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# Hopefully Simple Modular Arithmetic watch

1. Hey,

I do apologise if this turns out to be ridiculously easy, but I do not understand the logic behind a step in a proof I am reading and I cannot work it out myself.

The scene:

p is a prime such that p is congruent to 3 modulo 4.
x and y are integers such that (x^2)+(y^2) is congruent to 0 modulo p.

The conclusion:

x and y are both congruent to 0 modulo p.

The question:

Why?

I attempted a case-by-case analysis and quickly discovered that either gcd(x,p)=gcd(y,p)=1 or gcd(x,p)=gcd(y,p)=p. However, I could not discount the 1st case.

2. Some hints that might help: first observe that if both x and y are coprime to p then (also true when x,y are divisible by p, but in this case a correct argument won't work).

Conclude that if such a solution exists, then there must be a number mod p that squares to give mod .

Finally, using the fact that , show that no such number exists.

Therefore you are left with the second case you obtained.

Edit: argh, there've been various edits that should be noted, it's late...
3. (Original post by jb444)
Some hints that might help: first observe that if both x and y are coprime to p then (also true when x,y are divisible by p, but in this case a correct argument won't work).

Conclude that if such a solution exists, then there must be a number mod p that squares to give mod .

Finally, using the fact that , show that no such number exists.

Therefore you are left with the second case you obtained.

Edit: argh, there've been various edits that should be noted, it's late...
Thanks for the response.

I tried your method but could not make much progress. Instead I found a very easy method which involves the use of Legendre symbols and requires knowledge of quadratic residues.

x^2 + y^2 congruent to 0 modulo p -> x^2 congruent to -(y ^ 2) modulo p
-> -(y^2) is a quadratic residue modulo p (if y is coprime to p)
-> ( -(y^2) / p ) = 1

But ( -(y^2) / p ) = (-1/p) (y^2 / p ) = (using Euler's criterion) -1 x 1 (if y is coprime to p) = -1

So we have our contradiction and conclude x and y are both congruent to 0 modulo p.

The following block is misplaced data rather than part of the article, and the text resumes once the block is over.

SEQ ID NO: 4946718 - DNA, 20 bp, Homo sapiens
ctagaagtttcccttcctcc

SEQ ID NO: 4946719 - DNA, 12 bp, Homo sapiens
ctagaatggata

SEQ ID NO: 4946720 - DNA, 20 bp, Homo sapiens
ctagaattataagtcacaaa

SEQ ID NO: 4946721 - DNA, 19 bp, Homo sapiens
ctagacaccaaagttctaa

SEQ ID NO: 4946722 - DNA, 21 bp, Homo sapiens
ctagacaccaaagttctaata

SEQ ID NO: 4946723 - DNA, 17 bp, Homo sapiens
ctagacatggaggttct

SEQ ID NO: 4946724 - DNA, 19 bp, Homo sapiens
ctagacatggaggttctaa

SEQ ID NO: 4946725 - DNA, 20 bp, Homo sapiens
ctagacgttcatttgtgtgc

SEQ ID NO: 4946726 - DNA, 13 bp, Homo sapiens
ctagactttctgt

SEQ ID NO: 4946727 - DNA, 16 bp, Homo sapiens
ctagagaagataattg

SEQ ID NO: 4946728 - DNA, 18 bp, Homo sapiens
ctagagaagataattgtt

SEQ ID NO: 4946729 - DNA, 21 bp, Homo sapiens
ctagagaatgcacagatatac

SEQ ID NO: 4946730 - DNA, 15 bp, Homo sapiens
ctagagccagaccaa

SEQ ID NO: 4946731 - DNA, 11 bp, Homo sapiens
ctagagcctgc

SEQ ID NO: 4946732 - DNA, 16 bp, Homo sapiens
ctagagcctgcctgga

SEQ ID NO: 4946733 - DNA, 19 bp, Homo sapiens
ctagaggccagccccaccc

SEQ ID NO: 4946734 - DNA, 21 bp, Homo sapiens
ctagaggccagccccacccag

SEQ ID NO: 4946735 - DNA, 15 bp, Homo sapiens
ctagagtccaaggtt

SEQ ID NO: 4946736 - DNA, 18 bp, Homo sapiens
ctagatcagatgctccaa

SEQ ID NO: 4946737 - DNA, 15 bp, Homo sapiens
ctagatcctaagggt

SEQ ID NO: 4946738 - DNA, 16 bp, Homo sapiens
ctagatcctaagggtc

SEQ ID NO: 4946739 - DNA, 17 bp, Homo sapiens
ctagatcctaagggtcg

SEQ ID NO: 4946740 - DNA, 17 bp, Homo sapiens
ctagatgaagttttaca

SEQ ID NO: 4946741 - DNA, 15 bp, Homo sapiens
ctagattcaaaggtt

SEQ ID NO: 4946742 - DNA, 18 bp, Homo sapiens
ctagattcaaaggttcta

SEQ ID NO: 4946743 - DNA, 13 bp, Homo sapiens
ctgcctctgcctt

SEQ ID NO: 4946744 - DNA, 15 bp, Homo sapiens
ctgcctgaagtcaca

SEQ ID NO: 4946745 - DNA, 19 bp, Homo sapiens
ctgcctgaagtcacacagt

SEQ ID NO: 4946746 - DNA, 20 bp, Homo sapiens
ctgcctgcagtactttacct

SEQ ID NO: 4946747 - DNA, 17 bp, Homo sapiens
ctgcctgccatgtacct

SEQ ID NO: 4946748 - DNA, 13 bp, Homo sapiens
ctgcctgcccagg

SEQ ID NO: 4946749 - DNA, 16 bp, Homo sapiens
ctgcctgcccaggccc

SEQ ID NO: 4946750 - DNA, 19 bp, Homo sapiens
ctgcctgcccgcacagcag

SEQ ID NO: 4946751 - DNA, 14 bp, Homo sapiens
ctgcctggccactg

4. In fact this is the same proof: using Euler's criterion to show that

when p = 3 mod 4 is one way of showing that is not a square mod .
5. (Original post by jb444)
In fact this is the same proof: using Euler's criterion to show that

when p = 3 mod 4 is one way of showing that is not a square mod .
Nice. You previously wrote that we could conclude p-1 is a quadratic residue mod p, or at least you wrote it was congruent to a square as a result of the equation written above it. What was your line of reasoning for this?
6. Supposing that are coprime to , they have inverses modulo , and therefore:

can be written

a contradiction, since this shows that

7. (Original post by jb444)
Supposing that are coprime to , they have inverses modulo , and therefore:

can be written

a contradiction, since this shows that

What is it that makes x/y an integer?
8. Here is an inverse modulo p, i.e. an integer modulo p such that . So e.g. since

Such a number exists only when y and p are coprime.
9. ok...some proper details.

Suppose x,y are coprime to .

By Bezout's identity, there exist such that .

That is, .

We have .

Therefore .

Thus -1 is a square mod p.

Write . If , then , which is impossible.

Thus by fermat's little theorem .

Since , , so is odd.

Finally,

This is a contradiction of the above, since it shows that (as well as any other number) does not square to give -1 mod p.

An elementary proof of something like this is a little nicer, since the idea remains hidden inside Euler's identity for the legendre symbol; the ideas are the same.

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Updated: April 4, 2013
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